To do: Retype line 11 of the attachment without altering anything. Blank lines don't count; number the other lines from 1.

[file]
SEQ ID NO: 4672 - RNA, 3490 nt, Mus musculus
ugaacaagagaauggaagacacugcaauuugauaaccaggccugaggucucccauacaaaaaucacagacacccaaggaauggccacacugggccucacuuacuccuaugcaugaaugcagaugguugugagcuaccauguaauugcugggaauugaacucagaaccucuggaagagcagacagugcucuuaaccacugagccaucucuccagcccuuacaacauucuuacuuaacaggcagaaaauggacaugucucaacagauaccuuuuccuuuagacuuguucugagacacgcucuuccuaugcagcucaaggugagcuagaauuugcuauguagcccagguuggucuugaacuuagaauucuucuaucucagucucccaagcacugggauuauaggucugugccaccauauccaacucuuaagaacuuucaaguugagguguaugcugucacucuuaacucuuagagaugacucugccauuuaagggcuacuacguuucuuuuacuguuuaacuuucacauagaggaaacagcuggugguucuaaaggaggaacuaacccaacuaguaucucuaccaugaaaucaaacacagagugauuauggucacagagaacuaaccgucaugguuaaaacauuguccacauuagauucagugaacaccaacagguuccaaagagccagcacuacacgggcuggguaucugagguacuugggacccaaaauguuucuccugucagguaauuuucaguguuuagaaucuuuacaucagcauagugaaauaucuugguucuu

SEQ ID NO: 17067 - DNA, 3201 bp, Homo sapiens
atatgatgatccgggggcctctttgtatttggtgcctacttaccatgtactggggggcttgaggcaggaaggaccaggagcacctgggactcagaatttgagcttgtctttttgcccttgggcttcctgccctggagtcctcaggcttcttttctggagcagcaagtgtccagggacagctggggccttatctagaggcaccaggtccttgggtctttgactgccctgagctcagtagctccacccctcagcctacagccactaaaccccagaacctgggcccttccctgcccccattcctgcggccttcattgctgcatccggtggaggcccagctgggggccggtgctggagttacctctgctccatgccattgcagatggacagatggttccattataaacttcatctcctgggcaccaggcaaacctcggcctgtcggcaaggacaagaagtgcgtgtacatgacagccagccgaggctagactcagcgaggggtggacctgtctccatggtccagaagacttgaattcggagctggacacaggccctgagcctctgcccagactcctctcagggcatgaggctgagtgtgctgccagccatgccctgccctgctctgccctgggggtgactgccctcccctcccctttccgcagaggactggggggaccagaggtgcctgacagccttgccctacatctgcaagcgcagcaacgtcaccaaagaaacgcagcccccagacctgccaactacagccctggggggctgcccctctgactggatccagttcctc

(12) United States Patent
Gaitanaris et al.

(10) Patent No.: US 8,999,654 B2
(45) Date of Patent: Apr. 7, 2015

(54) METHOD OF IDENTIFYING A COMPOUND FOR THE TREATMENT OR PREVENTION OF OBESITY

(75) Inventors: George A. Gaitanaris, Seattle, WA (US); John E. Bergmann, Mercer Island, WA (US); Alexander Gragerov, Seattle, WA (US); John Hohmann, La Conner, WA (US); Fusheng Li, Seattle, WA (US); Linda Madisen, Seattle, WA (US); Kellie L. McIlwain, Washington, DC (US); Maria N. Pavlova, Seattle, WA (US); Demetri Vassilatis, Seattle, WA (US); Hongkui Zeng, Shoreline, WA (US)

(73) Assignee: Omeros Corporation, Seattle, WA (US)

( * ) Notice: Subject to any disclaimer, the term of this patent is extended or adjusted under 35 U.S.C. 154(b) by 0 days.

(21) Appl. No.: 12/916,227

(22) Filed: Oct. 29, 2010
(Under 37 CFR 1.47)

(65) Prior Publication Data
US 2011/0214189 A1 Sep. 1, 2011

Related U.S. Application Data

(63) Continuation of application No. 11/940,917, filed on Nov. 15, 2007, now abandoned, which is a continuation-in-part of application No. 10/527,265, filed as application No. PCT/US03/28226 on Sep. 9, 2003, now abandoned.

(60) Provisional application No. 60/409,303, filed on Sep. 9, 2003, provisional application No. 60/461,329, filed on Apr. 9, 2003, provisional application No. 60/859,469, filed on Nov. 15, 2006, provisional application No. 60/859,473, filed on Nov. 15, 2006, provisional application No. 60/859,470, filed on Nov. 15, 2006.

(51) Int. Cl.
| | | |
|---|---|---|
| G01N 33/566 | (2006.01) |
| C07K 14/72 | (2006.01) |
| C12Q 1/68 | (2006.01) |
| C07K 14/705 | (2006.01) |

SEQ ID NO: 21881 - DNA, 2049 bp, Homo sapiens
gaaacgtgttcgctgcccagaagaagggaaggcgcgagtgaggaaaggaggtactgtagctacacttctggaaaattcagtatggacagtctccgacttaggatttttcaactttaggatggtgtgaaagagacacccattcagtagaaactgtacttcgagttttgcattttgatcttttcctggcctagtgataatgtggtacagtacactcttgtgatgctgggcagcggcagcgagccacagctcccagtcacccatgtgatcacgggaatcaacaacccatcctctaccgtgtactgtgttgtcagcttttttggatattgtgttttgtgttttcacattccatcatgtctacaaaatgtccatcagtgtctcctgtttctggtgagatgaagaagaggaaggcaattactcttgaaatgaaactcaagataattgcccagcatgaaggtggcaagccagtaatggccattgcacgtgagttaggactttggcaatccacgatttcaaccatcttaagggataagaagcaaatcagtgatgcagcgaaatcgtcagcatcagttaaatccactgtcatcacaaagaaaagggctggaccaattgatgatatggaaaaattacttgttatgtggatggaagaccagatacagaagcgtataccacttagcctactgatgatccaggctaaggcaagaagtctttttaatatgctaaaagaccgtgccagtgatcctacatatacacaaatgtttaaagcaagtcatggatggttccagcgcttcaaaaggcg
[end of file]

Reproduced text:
(73) Assignee: Omeros Corporation, Seattle, WA (US)